Editor’s note: This is the final instalment in a four-part series on the Classics.
As I’ve said before, for me, the debate about whether “Western Civ” should still be taught always comes back round to the situation facing my own field, classics.
And in recent years, the progressive classics website Eidolon has published a number of pieces suggesting that the idea of studying the Western classics in anything like a traditional way isn’t just ill-advised, but positively dangerous. Donna Zuckerberg, the editor of Eidolon, has warned that “Western Civ” is a slippery slope to white supremacy, for example, and Rebecca Kennedy has gone one further, arguing that classics as a field is in fact already complicit in white supremacy. I have no reason to believe that these scholars are motivated by anything other than a sincere belief that they are working for the good of their field and of society as a whole. But it’s my own sincere belief that their way of looking at this issue is fundamentally flawed, and that the kind of prescriptions they advance are likely to do more harm than good.
So, is classics complicit in white supremacism? Before we get into the actual arguments, it’s worth noting how strong a claim this is. The claim isn’t (say) that classics could work harder to make itself welcoming to ethnic minorities, or that many classicists might be affected by implicit racial biases. The claim is that classics as a field is complicit in white supremacism, an ideology that holds that “the white race is inherently superior to other races and that white people should have control over people of other races” (to use a standard definition that strikes me as reflecting most people’s understanding of the term).
As extreme as it may seem, that appears to be the claim. What kind of evidence would allow us to evaluate whether, or to what extent, this claim holds up? The kind of evidence that would convince me might include classics academics arguing that white people are inherently superior, organizing panels discussing how white people might gain control over people of other races, and so on. That may seem a pretty high bar, but that’s the bar that it seems appropriate to set in assessing the very ambitious claim that’s been made.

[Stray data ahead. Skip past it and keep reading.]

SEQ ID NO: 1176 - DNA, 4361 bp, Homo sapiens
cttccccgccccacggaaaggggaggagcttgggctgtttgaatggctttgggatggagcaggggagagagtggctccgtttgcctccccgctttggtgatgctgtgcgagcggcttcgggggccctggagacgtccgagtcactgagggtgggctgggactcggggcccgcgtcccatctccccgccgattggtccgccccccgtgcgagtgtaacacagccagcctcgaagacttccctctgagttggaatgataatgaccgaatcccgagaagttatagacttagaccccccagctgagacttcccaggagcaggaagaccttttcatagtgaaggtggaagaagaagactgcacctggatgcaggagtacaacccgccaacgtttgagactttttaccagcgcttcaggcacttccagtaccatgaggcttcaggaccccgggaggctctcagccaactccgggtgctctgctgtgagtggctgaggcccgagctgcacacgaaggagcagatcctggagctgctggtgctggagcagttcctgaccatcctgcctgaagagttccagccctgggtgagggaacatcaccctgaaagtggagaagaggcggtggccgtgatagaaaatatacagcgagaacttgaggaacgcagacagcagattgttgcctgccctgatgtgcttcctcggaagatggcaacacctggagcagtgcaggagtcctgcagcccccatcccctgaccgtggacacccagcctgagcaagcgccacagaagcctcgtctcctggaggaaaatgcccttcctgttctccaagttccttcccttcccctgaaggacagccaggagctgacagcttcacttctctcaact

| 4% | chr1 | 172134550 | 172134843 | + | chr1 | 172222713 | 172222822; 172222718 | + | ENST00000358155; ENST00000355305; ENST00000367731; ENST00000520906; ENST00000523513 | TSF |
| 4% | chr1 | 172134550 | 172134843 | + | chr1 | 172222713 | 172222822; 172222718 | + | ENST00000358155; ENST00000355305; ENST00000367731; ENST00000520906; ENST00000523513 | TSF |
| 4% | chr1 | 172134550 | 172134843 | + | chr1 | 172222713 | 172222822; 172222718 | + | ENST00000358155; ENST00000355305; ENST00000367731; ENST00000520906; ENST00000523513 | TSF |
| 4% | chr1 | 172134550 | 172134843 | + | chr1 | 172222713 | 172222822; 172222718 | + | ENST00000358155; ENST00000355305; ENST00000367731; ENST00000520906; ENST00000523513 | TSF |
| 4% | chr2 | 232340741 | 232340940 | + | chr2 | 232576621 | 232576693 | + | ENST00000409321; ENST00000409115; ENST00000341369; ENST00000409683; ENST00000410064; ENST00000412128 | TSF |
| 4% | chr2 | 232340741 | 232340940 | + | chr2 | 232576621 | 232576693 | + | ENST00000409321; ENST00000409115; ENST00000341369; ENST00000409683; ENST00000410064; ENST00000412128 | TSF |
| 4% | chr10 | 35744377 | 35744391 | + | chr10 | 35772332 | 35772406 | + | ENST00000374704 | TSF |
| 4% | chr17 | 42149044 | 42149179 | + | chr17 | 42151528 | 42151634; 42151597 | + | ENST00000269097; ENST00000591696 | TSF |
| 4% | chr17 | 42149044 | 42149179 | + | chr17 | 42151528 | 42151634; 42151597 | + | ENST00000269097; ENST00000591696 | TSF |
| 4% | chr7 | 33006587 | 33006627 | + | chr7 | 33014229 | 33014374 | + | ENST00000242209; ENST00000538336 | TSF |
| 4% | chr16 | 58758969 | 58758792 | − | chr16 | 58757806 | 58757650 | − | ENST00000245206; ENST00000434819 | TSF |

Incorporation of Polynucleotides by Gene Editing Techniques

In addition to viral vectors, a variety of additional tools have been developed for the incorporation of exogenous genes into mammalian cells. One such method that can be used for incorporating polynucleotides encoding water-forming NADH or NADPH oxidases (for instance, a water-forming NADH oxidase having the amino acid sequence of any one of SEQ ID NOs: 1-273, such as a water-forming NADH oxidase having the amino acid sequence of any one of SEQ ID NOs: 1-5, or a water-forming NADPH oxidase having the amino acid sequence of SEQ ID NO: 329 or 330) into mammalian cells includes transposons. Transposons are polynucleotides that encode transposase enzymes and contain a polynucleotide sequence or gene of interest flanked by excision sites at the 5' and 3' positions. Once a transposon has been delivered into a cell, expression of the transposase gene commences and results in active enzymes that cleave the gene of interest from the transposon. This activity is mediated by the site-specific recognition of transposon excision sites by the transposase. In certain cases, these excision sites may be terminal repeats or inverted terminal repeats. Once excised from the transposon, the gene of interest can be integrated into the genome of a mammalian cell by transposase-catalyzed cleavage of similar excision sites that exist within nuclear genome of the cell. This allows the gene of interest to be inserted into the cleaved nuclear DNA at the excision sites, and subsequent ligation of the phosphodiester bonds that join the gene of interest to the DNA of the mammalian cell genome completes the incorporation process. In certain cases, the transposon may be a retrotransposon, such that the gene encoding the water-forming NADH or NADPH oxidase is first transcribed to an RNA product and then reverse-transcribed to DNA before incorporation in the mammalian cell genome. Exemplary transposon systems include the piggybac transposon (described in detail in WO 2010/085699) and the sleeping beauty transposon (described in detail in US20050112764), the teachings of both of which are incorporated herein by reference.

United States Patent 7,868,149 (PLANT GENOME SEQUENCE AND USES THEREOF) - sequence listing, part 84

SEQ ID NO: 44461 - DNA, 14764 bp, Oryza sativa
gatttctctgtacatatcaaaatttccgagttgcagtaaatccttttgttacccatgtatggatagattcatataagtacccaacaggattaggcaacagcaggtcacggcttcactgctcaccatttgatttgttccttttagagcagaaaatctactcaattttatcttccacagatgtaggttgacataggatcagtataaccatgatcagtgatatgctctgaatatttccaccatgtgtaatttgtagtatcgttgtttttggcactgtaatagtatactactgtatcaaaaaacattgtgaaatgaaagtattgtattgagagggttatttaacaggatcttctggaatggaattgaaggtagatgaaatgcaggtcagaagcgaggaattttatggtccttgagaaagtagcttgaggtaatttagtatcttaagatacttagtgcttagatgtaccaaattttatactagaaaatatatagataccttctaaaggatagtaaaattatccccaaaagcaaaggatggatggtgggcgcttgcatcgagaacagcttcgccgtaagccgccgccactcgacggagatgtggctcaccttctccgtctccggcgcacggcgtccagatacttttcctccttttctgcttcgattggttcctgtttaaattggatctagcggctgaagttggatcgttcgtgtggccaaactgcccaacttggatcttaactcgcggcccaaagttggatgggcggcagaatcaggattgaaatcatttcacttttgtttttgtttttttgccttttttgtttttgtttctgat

And I haven’t yet seen any evidence of that sort, or anything close to it. That may be because rather than trying to gather evidence of the sort that would support the claim (and maybe convince skeptics like me that classics is complicit in white supremacism after all), Zuckerberg, Kennedy, and others sympathetic to their take on this issue have focused their energies largely on documenting examples of members of the alt-right making use of classical material. Their main argument, it would seem, is that classics is complicit in white supremacy (or is a slippery slope to it) because white supremacists sometimes make use of classical material.
We can see a version of this argument behind Zuckerberg’s advice that if we’re tempted to entertain some common arguments against a “social justice” view of the classics, we should remember that these views have also been held by people like Daryush Valizadeh. That looks to me like the fallacy known as “guilt by association,” in which it’s inferred that if I agree with someone about one thing, I must agree with them about everything else. If I agree with one idea Zuckerberg mentions, that “we should study Classics because those who do not study history are doomed to repeat it,” does this mean that I necessarily also agree with Valizadeh’s claim that “women must have their behaviour and decisions controlled by men?”
I’ll change the example in case that helps some readers detect the fallacy. If a left-wing student thinks capitalism has its problems, and so did Mao, does that mean they should steer away from thinking critically about capitalism? Jordan Peterson took some heat for accepting a variant of this argument, that we should be wary of left-wing student activists since they’re influenced by the same philosophy that guided Mao. I think he was right to, and most Eidolon readers no doubt agree. But it’s essentially the same argument as Zuckerberg’s claim that anyone interested in Western Civ is enabling white supremacism.